Lifestyle and home remedies
For many people, chronic myelogenous leukemia is a disease they will live with for years. Many will continue treatment with imatinib indefinitely. Some days, you may feel sick even if you don't look sick. And some days, you may just be sick of having cancer. Self-care measures to help you adjust and cope with a chronic illness include:
- Talk to your doctor about your side effects. Powerful cancer medications can cause many side effects, but those side effects often can be managed with other medications or treatments. You don't necessarily have to tough them out.
- Don't stop treatment on your own. If you develop unpleasant side effects, such as skin rashes or fatigue, don't simply quit your medication without consulting your health care professionals. Likewise, don't stop taking your medications if you feel better and think your disease may be gone. If you stop taking medication, your disease can quickly and unexpectedly return, even if you've been in remission.
- Ask for help if you're having trouble coping. Having a chronic condition can be emotionally overwhelming. Tell your doctor about your feelings. Ask for a referral to a counselor or other specialist with whom you can talk.
Coping and support
Chronic myelogenous leukemia often is a chronic disease and requires long-term treatments. To help you cope with your cancer journey, try to:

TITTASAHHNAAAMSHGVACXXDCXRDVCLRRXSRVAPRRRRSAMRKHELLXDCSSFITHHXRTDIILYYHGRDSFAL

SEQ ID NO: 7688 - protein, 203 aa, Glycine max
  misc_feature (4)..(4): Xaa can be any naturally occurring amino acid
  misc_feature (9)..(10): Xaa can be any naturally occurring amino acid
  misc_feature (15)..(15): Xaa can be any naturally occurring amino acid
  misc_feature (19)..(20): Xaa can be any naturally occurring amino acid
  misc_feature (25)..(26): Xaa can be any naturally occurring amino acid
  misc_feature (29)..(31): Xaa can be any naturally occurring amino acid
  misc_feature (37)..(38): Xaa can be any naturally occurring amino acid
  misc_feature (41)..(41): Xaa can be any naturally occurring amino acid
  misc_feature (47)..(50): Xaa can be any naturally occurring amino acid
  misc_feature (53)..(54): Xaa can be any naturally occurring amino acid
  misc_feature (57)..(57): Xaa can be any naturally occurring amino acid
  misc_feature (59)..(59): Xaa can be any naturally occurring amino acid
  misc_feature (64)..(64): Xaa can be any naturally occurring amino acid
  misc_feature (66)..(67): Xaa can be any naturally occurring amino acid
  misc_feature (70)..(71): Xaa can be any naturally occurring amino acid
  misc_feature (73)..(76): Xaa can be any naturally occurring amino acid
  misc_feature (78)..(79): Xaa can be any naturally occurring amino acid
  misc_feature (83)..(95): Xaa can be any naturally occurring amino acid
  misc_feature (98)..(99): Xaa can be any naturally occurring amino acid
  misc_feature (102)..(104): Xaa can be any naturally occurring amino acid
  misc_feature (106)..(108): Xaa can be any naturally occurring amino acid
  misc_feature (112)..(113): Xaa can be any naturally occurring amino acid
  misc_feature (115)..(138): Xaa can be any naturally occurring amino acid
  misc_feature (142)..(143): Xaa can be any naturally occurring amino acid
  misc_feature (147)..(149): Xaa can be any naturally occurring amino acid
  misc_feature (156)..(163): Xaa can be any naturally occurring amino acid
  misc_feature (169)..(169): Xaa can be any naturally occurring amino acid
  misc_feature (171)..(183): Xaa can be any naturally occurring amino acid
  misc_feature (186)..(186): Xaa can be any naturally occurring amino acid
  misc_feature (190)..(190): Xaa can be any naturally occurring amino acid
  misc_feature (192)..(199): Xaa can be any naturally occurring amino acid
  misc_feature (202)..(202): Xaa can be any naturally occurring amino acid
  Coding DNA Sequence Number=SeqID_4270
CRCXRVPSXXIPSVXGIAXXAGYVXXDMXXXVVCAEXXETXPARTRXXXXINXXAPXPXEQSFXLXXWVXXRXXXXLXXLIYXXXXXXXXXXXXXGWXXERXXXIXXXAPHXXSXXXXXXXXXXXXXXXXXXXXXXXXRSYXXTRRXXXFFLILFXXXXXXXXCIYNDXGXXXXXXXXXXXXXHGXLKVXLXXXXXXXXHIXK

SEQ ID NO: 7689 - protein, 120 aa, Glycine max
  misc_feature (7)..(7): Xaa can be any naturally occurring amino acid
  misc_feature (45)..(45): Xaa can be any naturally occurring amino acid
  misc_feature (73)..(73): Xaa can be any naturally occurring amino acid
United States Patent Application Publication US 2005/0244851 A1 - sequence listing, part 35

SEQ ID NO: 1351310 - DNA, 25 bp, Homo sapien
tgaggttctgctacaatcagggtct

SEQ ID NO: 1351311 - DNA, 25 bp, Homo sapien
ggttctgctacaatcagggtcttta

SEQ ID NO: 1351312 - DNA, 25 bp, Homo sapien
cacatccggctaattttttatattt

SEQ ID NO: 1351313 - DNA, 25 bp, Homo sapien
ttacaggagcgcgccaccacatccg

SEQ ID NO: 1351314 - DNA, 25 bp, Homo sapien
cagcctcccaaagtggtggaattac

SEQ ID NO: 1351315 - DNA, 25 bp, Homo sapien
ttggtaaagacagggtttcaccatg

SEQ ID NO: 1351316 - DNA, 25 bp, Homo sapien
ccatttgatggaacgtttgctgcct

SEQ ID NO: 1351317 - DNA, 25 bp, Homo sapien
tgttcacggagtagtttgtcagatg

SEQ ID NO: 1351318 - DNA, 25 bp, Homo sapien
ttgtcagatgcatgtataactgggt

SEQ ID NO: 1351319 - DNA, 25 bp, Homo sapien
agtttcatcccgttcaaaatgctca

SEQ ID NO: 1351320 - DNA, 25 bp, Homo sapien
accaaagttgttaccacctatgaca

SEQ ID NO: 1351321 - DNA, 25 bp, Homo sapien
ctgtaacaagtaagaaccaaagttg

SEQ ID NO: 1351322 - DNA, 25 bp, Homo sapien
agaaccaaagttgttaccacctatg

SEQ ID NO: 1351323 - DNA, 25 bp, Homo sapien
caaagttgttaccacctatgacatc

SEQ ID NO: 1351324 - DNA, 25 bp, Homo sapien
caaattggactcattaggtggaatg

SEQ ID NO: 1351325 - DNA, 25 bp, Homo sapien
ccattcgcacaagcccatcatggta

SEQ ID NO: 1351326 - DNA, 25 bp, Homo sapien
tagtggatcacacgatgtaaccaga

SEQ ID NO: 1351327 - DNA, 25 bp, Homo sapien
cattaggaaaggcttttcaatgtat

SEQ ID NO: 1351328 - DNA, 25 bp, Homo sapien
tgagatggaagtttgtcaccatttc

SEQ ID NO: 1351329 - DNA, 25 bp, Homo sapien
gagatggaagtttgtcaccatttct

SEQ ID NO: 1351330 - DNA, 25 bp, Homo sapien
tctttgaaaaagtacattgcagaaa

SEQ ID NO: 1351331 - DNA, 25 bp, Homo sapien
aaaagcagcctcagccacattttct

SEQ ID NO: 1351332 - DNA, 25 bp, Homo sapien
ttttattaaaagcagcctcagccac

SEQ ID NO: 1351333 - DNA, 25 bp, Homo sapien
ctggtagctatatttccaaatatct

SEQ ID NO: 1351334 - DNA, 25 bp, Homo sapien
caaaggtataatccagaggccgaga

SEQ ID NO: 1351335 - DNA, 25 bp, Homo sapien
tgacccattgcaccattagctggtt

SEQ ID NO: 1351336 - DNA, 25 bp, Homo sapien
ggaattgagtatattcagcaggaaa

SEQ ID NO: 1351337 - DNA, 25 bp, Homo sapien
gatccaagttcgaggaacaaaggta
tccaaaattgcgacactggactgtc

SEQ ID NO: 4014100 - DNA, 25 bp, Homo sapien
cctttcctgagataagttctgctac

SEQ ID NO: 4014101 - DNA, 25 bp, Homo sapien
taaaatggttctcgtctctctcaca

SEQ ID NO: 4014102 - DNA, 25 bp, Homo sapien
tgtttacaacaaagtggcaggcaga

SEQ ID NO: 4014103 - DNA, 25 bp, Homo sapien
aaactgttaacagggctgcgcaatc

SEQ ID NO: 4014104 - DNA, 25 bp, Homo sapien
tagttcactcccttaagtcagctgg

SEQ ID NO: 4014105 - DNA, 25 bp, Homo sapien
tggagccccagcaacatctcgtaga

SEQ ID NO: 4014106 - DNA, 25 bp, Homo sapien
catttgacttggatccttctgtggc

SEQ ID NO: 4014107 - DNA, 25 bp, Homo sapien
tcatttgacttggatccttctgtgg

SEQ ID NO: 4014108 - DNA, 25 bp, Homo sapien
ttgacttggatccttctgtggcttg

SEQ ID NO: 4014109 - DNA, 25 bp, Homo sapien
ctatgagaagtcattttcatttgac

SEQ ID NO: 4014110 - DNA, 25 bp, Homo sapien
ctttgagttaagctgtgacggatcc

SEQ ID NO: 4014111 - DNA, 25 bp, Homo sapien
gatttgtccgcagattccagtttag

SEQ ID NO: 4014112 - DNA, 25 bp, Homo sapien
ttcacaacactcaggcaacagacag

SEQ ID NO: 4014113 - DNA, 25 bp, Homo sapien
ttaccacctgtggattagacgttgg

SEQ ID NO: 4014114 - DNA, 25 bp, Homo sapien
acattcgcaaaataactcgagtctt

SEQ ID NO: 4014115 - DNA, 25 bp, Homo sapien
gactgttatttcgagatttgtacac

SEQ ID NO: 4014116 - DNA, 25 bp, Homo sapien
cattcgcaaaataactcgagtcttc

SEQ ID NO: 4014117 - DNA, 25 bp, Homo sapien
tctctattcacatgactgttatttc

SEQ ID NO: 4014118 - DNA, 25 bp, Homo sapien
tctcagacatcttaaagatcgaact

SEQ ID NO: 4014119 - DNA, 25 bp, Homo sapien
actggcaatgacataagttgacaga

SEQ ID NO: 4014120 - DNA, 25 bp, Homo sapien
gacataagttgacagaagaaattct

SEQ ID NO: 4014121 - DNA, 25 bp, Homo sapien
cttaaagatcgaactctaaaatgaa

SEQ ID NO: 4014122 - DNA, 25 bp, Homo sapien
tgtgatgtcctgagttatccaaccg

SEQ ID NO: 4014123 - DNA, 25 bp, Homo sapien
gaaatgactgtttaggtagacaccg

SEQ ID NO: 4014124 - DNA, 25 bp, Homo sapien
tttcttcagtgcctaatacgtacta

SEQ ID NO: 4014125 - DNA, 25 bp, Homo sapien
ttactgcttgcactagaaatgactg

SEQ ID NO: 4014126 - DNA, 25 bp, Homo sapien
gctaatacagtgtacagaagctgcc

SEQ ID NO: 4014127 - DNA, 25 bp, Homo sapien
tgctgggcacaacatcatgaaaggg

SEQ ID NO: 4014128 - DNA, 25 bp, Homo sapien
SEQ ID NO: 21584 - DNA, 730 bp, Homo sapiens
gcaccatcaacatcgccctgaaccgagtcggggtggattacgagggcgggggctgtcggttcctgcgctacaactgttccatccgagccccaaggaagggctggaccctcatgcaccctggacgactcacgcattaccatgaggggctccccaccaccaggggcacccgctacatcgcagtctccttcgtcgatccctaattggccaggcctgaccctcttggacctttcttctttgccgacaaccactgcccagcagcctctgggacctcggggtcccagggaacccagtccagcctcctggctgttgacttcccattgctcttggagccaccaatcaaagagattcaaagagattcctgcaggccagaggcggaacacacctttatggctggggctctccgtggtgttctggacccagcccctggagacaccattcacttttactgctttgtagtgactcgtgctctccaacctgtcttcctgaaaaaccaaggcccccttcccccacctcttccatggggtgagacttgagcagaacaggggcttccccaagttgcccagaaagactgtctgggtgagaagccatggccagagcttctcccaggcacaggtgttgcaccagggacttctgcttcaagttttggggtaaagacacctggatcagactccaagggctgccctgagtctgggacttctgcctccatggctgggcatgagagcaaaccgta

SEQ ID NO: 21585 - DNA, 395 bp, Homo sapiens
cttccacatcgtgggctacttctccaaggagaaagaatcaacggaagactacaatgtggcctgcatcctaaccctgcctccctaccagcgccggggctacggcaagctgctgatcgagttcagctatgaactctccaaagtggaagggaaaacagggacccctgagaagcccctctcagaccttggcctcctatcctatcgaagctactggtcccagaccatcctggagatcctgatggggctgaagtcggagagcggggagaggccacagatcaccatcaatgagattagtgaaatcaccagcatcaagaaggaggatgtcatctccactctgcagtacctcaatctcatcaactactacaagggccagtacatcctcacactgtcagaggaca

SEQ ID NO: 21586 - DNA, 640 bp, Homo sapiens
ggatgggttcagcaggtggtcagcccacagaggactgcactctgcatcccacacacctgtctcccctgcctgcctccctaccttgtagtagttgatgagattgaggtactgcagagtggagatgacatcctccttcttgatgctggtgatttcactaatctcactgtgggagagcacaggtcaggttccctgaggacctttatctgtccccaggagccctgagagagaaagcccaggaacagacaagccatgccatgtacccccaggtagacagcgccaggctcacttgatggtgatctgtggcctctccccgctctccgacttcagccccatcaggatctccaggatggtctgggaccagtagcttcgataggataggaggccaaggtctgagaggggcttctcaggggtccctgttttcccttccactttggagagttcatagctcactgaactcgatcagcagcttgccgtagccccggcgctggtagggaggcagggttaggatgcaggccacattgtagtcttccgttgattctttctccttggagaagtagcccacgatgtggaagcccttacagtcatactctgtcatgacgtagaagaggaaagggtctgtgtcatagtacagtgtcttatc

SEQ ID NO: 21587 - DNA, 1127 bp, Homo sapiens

- Learn enough about chronic myelogenous leukemia to make decisions about your care. The term "leukemia" can be confusing, because it refers to a group of cancers that affect the bone marrow and blood. Don't waste time gathering information that doesn't apply to your kind of leukemia.
Ask your health care professionals to write down information about your specific disease. Then narrow your search and seek out only trusted, reputable sources, such as the Leukemia & Lymphoma Society.
- Turn to family and friends for support. Stay connected to family and friends for support. It can be tough to talk about your diagnosis, and you'll likely get a range of reactions when you share the news. But talking about your diagnosis and passing along information about your cancer can help. So can the offers of practical help that often result.
- Connect with other cancer survivors. Consider joining a support group, either in your community or on the Internet. A support group of people with the same diagnosis can be a source of useful information, practical tips and encouragement.